I have a simple philosophy: Fill what’s empty. Empty what’s full. Scratch where it itches. —Alice Roosevelt Longworth
I almost didn’t write anything today. I feel empty. Immense pain fills my shoulders and elbows and fingers. Keeping my eyes open is a challenge despite the strong coffee. I had to push myself to make anything happen.
From where I’m sitting the glass seems half empty. After two days of severe storms, my muscles want to contract, my joints don’t want to move, and any pressure on my knees feels extreme. Having to keep children inside for the better part of two days was exhausting, leaving me with little energy to deal with them today. The lawn needs cutting but there’s still water standing across the yard so that’s not likely to happen. I’m aching to try out some different angles on a set of figure studies, but not only do I not have time, I’m not even sure who I would ask to pose.
Looking outside myself doesn’t help much, either. A new documentary, Living Wage Now!, chronicles the real world challenges, difficulties, and dangers of the Asian garment industry. The picture of forced sex, violence, and even workers being shot at goes beyond the horrors we’ve previously imagined. At the same time, fast fashion giant Uniqlo is positioning itself to become the largest apparel maker in the world. Given that fast fashion is much of the motivation behind garment factory horrors, it would seem that there is little chance of reform.
As we still pick apart the details of Sunday’s shooting in Orlando, I find myself angered by the fact that the shooter’s wife actually went with him to buy ammo knowing exactly what he was planning to do with it. How does a person know that someone is planning such a horrendous act and not say something to someone? I understand that she was a battered wife, but once he left the house she could have called someone. A grand jury decides later this month whether she’ll be charged as an accessory to murder.
Then, there’s the news of the two-year-old being dragged into a lagoon by an alligator at a Disney resort. That’s just one of those things a parent never expects, especially from a Disney property. As a nation, we’re captivated by the story because we cannot imagine experiencing such a horror ourselves.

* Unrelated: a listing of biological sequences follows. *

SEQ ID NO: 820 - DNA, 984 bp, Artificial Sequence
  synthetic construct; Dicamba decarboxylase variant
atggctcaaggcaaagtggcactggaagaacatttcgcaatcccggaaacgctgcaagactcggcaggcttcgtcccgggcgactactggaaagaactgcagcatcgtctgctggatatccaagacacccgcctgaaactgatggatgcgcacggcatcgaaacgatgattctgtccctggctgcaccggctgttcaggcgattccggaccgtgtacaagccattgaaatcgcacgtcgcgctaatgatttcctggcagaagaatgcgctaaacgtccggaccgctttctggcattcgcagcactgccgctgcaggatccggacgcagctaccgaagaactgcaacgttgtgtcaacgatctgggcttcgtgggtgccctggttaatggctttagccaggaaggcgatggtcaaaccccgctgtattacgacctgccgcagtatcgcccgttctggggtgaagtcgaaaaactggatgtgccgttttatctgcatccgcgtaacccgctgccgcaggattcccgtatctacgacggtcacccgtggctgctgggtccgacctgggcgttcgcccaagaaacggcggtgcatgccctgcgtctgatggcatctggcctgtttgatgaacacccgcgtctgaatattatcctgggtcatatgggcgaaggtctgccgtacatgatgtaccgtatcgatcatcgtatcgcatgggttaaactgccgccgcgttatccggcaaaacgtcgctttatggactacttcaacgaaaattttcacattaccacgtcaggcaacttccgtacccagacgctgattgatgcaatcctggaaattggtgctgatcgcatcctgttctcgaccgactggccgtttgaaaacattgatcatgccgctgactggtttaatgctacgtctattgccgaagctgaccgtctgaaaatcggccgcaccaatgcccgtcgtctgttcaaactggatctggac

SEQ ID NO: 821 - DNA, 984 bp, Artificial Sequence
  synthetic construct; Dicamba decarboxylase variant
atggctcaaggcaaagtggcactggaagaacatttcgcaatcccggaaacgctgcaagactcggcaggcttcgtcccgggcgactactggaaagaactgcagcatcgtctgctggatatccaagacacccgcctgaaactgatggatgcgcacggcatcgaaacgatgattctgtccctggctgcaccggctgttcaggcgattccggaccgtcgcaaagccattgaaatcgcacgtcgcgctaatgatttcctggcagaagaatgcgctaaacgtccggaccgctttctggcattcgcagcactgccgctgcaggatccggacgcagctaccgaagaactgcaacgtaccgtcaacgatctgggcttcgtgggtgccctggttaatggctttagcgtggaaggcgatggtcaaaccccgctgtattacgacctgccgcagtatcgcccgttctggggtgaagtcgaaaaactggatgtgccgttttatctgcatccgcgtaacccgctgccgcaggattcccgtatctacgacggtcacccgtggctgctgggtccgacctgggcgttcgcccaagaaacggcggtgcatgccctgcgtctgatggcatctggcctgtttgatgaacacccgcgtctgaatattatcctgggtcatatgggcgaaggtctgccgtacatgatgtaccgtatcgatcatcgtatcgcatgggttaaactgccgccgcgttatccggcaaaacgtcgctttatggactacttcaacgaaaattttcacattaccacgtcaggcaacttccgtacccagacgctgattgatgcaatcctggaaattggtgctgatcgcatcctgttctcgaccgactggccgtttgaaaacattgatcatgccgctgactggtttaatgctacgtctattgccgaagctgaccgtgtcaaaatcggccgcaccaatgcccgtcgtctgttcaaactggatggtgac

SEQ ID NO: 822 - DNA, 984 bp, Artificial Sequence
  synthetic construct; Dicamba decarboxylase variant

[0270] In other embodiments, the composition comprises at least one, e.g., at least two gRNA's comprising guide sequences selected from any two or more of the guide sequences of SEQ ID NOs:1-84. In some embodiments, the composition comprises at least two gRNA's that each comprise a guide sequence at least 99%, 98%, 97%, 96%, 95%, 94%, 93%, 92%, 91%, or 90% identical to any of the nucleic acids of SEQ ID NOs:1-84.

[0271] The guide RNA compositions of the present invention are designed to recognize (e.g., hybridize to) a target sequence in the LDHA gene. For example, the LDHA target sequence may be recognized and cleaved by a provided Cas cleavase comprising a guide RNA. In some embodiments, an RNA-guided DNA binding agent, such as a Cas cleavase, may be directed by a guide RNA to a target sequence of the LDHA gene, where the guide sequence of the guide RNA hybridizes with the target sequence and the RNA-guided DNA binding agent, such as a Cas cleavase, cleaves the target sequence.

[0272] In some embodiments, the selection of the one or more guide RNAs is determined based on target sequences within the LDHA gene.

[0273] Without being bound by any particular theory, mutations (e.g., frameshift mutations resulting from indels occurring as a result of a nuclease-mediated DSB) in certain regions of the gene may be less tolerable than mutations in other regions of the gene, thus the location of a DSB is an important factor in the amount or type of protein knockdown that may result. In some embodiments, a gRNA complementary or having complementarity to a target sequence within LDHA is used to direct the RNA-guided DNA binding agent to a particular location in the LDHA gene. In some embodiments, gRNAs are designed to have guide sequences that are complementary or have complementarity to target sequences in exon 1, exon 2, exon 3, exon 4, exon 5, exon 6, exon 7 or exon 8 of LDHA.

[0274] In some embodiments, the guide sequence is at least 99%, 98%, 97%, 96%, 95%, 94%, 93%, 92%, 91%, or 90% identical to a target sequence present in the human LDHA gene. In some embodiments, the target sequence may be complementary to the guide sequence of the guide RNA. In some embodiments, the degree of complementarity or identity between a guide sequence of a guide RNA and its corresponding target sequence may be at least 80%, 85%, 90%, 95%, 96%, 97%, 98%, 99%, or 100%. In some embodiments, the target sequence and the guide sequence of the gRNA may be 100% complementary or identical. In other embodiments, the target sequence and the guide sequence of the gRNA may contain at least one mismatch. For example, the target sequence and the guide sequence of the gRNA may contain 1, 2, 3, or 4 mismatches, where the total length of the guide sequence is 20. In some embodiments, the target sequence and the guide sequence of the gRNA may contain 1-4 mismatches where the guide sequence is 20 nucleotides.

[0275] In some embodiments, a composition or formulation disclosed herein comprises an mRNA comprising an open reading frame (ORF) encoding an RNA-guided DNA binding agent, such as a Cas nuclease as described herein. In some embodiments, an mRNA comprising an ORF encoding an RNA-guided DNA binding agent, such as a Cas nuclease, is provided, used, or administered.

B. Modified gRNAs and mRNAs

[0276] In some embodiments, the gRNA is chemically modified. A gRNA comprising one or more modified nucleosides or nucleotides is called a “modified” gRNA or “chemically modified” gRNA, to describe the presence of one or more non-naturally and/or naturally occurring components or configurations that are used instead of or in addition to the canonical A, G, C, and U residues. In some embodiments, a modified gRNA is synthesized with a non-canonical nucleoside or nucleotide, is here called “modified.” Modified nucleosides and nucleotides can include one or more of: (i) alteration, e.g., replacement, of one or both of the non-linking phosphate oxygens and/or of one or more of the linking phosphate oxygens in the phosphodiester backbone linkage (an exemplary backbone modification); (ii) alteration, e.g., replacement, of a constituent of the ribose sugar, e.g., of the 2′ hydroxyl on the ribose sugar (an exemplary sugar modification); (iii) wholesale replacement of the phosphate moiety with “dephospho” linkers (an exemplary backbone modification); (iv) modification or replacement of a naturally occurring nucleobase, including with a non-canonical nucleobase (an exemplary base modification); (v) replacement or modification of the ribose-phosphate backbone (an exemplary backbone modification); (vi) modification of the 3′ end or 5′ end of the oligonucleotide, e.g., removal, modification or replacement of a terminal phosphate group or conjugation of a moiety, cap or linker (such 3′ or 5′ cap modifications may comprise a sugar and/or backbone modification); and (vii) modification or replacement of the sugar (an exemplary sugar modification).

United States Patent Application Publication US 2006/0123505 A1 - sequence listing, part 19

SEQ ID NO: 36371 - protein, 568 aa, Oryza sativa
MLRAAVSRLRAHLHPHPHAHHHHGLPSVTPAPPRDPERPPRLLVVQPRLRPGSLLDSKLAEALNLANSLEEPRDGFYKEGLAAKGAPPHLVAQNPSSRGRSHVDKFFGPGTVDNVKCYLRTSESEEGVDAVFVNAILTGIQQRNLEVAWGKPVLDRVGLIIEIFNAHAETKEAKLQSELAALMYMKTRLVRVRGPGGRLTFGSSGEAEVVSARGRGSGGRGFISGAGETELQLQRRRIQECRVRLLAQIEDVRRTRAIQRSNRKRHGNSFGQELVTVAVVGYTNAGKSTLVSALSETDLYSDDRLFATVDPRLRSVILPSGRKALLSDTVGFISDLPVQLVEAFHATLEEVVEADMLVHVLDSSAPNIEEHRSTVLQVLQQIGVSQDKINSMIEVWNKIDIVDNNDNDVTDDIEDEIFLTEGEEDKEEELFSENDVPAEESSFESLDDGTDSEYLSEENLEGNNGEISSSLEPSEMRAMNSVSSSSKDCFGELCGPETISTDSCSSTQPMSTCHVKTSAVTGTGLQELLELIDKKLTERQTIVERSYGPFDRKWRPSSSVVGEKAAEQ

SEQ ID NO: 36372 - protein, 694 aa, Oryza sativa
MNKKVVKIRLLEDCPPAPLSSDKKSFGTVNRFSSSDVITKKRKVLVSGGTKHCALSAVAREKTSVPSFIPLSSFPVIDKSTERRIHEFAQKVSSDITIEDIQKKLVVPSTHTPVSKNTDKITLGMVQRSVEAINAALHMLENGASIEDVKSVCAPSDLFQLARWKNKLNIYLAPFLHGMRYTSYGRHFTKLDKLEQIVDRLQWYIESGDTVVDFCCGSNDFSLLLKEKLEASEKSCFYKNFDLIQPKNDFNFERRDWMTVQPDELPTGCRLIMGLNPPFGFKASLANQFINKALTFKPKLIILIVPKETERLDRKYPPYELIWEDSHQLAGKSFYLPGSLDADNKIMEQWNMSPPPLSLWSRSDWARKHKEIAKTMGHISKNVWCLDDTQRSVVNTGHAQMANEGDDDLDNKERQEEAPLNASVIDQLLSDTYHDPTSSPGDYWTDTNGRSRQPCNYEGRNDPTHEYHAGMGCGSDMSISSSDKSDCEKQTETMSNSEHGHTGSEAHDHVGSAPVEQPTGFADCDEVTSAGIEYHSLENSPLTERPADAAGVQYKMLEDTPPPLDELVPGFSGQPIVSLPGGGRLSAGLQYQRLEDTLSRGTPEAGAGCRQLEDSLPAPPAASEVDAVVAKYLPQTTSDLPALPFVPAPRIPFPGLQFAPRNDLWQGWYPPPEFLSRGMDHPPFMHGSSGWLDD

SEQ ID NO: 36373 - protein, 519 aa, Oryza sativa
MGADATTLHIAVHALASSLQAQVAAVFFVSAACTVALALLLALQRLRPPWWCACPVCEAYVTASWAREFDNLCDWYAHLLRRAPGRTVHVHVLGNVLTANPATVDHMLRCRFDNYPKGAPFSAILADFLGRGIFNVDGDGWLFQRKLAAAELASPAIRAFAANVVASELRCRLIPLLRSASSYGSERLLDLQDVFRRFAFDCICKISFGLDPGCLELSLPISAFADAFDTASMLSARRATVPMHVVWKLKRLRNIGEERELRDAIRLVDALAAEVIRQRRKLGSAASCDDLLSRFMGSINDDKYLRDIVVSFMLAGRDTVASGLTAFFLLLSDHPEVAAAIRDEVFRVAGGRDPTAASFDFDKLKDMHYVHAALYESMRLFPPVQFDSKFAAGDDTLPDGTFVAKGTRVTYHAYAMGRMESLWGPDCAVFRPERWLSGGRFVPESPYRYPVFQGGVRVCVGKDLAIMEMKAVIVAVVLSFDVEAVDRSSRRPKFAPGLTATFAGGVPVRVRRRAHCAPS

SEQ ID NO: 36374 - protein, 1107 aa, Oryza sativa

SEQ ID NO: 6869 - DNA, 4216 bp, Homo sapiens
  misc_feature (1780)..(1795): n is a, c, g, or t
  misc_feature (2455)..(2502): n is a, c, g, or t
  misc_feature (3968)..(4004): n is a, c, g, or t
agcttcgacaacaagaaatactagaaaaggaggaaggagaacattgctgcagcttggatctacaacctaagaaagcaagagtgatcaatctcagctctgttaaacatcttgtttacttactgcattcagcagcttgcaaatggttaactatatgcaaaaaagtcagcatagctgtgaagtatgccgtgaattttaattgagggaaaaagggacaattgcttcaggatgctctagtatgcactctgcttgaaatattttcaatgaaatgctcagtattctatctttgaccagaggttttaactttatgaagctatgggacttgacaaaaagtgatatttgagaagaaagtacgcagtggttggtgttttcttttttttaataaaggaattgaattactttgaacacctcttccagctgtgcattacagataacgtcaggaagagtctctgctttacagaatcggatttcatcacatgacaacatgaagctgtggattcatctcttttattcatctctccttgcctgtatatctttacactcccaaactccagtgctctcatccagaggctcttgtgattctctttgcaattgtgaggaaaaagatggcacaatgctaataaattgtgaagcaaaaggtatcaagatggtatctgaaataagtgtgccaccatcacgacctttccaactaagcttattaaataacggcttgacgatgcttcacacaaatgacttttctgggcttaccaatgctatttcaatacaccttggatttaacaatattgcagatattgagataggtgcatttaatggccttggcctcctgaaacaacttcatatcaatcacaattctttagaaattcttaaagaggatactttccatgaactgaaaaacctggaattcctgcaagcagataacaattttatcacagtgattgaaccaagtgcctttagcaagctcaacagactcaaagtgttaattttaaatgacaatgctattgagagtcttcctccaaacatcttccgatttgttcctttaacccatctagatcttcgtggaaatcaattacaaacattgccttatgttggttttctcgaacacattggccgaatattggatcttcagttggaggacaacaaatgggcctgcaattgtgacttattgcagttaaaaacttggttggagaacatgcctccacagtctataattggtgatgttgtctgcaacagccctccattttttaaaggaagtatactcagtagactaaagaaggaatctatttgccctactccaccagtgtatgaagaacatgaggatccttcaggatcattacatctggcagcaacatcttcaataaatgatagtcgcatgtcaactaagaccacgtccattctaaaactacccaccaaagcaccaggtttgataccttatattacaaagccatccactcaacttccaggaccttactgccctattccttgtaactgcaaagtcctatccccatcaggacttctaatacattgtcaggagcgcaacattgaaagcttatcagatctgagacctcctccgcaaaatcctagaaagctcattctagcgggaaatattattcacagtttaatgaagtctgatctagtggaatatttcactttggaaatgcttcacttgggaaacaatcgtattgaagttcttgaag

All that and more leaves us with a glass that is struggling to be only half empty. If that were my only exposure to the world this morning, I would consider the glass completely empty, toss Pop Tarts at the kids, turn on Netflix for them, and go back to bed. That sounds like a very tempting scenario at the moment.
Yet, there are things that combat that empty perspective.
First, we didn’t get the brunt of the storms the past two days. There are thousands of people across the region who lost power, have large trees down in their yard, and are still dealing with serious flooding this morning. Kat had to dodge downed power lines and high water on her way home last night, but she did make it home safely.
Justice may finally come for the 1,400 garment workers who died in the 2013 building collapse and fire at Rana Plaza. A Dhaka court framed charges against 18 people yesterday for knowingly violating building codes. While the speed of movement, in this case, has been painfully slow, at least they’re making progress.
At least one politician has changed his attitude following Sunday’s shooting. Utah’s Lieutenant Governor, Spencer Cox, apologized to the LGBT community in a speech he made on Monday. He not only apologized for his own attitude, but he challenged other straight people as well:
How did you feel when you heard that 49 people had been gunned down by a self-proclaimed terrorist? That’s the easy question. Here is the hard one: Did that feeling change when you found out the shooting was at a gay bar at 2 am in the morning? If that feeling changed, then we are doing something wrong.
As always, whenever another mass shooting takes place, the talking heads made the rounds on news shows making the same arguments for and against gun control that they’ve been making the past 30 years. Yesterday, someone finally took decisive action. Senator Chris Murphy of Connecticut filibustered an appropriations bill with demands for tighter gun control legislation. It was a gutsy move, but quickly enough he was joined by 37 other senators and the filibustered continued until GOP leadership finally backed down and agreed to consider new gun control legislation. Is this a solution? No, but it is the first decisive step we’ve seen toward one.
So, there’s some full to balance out the empty.
Still, I’m having problems finding that positive attitude this morning. There have been so many negative things happen this week that I’m not sure it’s reasonable to expect the week to end balanced. Perhaps this is one of those times we have to accept that the glass really is half empty.
And be thankful we still have a glass.